British government defends welfare cuts and institutes spare bedroom tax

Finance minister and Work and Pensions Secretary say new welfare cuts will encourage more Britons to work.
Al Jazeera
British government defends welfare cuts

Oh, and then there is the spare bedroom tax that's going into effect today, too. And this is no April Fool's prank, either. Official notice below.

National Housing Federation (UK)
Bedroom Tax
Find out more about the bedroom tax, the part of welfare reform that will cut the amount of benefit that people can get if they are considered to have a spare bedroom.
 Welfare reforms will cut the amount of benefit that people can get if they are deemed to have a spare bedroom in their council or housing association home. This measure will apply from 1 April 2013 to tenants of working age.
The power to do this is contained in the Welfare Reform Act 2012 and is commonly referred to as the bedroom tax, size criteria or under-occupation penalty.
What do the changes mean?
The size criteria in the social rented sector will restrict housing benefit to allow for one bedroom for each person or couple living as part of the household, with the following exceptions: 
  • Children under 16 of same gender expected to share
  • Children under 10 expected to share regardless of gender
  • Disabled tenant or partner who needs non resident overnight carer will be allowed an extra bedroom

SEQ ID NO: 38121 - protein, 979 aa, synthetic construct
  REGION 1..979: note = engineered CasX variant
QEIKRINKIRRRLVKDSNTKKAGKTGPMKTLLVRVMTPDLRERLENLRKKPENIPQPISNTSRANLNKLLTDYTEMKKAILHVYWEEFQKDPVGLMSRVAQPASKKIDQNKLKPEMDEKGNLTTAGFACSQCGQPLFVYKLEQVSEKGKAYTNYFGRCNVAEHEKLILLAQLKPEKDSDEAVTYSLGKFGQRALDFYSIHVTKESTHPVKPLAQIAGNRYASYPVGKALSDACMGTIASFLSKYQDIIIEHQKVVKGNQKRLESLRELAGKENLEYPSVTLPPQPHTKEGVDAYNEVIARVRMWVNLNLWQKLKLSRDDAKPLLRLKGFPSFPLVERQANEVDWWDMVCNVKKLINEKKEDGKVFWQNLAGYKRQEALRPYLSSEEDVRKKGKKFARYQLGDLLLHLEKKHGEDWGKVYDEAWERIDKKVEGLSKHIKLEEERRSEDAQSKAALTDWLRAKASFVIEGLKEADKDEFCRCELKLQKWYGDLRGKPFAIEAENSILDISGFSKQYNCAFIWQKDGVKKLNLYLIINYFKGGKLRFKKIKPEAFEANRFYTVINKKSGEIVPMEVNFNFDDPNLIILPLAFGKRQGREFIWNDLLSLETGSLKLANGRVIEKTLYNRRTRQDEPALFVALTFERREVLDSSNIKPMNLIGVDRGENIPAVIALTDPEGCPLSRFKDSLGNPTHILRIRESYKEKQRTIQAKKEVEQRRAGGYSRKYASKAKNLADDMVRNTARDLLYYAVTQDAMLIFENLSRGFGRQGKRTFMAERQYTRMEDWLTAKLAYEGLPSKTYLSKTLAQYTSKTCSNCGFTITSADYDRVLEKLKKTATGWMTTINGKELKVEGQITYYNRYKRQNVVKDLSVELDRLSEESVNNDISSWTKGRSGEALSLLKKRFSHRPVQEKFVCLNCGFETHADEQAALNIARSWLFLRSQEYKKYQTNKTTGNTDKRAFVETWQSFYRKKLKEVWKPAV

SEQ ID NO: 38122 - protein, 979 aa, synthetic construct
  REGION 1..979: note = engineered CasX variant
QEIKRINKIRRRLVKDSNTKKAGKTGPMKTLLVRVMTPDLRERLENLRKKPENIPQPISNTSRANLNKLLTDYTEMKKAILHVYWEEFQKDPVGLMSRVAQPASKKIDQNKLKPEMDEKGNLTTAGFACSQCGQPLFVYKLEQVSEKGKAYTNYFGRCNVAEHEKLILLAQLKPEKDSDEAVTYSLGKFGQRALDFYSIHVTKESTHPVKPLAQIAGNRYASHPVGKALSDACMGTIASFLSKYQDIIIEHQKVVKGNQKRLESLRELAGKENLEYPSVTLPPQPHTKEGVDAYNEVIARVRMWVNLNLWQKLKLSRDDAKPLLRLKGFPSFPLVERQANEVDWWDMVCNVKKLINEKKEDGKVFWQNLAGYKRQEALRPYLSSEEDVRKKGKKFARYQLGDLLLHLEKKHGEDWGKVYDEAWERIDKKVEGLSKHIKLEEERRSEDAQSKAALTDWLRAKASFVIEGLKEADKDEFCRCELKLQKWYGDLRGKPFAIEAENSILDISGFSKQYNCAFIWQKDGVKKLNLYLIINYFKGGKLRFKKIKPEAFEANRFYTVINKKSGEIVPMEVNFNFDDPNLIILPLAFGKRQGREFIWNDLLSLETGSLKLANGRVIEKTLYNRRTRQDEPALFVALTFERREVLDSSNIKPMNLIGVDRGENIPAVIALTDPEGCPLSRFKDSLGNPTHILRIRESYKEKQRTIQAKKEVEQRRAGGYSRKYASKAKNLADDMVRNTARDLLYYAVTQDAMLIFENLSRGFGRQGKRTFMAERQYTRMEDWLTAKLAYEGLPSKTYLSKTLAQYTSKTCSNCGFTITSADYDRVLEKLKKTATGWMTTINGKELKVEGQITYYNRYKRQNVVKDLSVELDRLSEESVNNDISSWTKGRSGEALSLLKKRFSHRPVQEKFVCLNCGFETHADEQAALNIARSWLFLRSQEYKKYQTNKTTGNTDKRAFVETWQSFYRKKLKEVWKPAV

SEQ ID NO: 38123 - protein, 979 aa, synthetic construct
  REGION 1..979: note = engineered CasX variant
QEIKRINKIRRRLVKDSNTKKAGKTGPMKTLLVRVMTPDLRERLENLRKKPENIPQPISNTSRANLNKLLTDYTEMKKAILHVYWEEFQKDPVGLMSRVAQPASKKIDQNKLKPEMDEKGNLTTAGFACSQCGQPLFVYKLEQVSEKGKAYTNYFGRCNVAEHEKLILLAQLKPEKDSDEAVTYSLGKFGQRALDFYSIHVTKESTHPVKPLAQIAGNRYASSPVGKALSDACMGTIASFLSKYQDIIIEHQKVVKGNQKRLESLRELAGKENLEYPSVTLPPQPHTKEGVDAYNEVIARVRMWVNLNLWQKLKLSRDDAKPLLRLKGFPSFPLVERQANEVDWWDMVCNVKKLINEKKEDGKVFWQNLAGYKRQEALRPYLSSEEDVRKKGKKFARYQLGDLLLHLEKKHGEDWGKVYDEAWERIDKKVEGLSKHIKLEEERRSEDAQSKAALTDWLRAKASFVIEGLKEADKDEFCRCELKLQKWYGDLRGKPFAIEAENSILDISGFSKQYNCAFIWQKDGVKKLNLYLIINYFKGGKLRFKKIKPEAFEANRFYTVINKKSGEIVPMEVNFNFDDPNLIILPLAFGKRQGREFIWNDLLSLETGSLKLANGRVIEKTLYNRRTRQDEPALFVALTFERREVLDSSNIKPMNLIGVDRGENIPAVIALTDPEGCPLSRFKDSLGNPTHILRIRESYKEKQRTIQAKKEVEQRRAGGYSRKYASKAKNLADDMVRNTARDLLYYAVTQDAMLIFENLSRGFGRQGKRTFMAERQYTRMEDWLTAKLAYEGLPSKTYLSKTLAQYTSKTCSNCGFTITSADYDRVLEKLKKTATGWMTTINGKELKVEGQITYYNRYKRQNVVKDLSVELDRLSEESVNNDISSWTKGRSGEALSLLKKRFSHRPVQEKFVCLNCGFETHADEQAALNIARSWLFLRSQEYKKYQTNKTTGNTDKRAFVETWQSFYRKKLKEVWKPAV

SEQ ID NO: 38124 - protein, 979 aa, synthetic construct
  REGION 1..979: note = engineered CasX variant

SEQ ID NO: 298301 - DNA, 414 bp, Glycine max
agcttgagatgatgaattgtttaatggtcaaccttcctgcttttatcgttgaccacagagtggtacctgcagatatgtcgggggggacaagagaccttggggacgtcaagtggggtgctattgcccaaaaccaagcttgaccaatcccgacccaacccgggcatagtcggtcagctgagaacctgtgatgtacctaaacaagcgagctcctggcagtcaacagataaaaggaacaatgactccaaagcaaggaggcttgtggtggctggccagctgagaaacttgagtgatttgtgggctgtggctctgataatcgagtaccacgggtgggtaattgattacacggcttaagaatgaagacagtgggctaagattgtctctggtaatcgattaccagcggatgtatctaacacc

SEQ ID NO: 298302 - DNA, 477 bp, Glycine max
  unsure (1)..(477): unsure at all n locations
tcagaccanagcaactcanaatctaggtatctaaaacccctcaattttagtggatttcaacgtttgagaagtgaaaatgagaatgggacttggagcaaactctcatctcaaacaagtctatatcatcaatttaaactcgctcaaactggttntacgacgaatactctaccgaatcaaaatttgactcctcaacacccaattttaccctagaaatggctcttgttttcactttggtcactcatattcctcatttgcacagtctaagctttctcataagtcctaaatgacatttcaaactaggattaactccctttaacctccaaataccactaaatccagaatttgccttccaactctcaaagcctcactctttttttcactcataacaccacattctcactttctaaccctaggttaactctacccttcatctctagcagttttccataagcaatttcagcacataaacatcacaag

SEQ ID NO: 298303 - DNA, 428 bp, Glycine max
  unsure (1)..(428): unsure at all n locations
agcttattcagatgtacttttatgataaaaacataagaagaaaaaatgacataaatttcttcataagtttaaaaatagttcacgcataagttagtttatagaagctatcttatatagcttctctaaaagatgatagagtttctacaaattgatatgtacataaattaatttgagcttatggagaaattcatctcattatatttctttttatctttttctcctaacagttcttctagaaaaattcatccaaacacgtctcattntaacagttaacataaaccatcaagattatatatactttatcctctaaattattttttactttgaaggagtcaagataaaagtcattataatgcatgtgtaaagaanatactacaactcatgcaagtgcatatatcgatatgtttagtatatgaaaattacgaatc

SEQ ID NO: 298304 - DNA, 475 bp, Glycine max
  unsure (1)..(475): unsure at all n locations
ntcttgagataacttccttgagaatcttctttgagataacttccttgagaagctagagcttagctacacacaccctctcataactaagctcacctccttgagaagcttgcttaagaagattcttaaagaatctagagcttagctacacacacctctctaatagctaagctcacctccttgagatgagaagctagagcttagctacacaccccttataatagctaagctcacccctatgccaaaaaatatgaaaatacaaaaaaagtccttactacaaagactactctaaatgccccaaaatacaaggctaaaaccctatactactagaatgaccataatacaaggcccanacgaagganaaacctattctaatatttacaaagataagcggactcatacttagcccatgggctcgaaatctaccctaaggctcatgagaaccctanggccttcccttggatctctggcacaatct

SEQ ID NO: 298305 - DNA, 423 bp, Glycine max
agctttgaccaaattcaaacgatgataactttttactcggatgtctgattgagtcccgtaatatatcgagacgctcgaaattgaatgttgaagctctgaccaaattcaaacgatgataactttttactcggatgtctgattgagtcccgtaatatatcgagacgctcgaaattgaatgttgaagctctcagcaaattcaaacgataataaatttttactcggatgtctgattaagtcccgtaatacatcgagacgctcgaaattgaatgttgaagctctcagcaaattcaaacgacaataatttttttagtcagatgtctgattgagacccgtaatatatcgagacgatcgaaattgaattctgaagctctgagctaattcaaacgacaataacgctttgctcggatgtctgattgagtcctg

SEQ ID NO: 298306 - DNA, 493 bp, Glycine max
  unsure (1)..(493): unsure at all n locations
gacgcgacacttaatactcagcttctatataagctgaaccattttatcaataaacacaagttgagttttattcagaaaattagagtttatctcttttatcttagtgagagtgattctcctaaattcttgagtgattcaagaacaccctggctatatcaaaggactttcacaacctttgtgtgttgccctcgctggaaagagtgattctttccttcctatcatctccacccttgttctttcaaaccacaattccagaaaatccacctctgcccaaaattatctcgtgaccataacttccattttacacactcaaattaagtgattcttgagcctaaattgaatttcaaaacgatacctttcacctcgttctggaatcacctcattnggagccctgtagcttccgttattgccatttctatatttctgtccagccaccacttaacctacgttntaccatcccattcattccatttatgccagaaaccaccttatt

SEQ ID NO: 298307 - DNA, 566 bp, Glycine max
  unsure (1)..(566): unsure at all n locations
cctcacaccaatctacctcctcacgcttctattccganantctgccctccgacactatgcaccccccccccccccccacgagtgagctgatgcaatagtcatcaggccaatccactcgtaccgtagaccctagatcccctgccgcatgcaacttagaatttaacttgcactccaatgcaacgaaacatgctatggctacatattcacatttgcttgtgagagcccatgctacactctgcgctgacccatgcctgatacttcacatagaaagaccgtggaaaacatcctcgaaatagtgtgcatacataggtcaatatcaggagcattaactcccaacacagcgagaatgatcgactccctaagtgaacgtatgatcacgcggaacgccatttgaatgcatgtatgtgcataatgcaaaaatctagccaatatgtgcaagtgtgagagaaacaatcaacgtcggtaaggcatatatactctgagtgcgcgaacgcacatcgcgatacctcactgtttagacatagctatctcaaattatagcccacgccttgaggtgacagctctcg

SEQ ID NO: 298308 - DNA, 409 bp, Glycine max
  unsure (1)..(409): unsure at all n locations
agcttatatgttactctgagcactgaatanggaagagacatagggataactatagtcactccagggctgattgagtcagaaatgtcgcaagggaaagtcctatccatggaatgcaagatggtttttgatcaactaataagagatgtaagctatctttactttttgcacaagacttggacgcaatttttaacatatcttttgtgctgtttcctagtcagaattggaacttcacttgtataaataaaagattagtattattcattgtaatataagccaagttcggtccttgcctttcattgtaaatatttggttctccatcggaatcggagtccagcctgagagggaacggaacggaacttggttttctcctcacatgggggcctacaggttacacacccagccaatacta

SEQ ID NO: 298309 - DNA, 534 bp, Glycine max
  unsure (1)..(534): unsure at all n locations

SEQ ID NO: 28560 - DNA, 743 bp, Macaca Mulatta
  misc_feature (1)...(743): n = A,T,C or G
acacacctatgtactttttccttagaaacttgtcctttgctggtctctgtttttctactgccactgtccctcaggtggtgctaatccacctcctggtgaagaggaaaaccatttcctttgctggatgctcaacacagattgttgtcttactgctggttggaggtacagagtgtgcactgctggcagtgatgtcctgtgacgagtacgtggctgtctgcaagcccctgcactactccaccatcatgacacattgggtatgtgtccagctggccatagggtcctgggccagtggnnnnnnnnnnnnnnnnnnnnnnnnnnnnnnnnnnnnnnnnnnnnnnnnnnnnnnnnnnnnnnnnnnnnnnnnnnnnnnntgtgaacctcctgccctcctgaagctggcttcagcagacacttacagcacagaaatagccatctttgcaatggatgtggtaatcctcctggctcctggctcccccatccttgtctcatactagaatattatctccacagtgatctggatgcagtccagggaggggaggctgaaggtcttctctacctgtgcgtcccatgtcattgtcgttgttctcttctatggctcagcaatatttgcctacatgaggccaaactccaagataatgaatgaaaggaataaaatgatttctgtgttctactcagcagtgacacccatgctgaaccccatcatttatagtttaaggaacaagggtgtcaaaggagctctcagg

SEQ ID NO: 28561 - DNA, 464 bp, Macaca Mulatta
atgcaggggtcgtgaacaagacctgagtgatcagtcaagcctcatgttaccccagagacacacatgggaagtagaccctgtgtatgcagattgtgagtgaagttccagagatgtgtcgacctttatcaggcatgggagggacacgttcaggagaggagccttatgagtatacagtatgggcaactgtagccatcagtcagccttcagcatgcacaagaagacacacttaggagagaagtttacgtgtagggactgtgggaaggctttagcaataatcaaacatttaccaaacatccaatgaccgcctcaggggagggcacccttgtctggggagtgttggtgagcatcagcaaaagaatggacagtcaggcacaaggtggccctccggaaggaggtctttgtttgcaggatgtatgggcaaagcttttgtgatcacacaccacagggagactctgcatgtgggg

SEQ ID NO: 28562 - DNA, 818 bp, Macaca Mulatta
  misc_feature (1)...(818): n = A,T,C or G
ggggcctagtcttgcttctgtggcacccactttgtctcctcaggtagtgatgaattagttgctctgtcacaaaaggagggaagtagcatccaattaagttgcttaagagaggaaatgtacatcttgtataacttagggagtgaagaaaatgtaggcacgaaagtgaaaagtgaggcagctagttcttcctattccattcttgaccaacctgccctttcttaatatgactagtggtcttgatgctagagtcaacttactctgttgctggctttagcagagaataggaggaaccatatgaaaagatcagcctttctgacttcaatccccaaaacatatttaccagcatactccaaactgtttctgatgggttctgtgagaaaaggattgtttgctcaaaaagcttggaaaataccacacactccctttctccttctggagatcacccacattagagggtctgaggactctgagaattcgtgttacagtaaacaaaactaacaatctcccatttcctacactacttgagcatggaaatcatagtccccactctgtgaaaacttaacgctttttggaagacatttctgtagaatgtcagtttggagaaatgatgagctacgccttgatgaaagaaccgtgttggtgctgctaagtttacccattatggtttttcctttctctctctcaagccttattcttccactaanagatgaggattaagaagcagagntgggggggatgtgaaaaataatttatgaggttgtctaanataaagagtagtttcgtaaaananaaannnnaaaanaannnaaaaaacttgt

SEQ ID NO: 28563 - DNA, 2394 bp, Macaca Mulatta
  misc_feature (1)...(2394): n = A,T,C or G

The British government has lost its marbles. This is really crazy stuff.



Tuesday, March 12, 2013

Aditya Chakrabortty — A short history of austerity: it almost never works

...severe austerity tends to turn recessions into depressions, consign millions to the dole or under-employment and lead to frightening political turbulence.
The most famous episode of austerity was during the interwar years, as Germany, Britain, France and Japan all fought to stay on the Gold Standard even amid the Great Depression. The deflationary impact of keeping their currencies pegged to gold, along with the austerity policies they followed to do so, was disastrous....
IAs the political scientist Mark Blyth says in his new book, Austerity: "Austerity didn't just fail – it helped blow up the world. That's the definition of a very dangerous idea." 
And yet when Europe's crisis began in earnest in 2009, rightwing politicians across the continent adopted the line that the best governments could do was cut spending to encourage the private sector to spend....
And where in Greece, historic cuts were rolled out in the name of economic modernisation, here Cameron [in the UK] wants to whip us into a "global race" [to the bottom].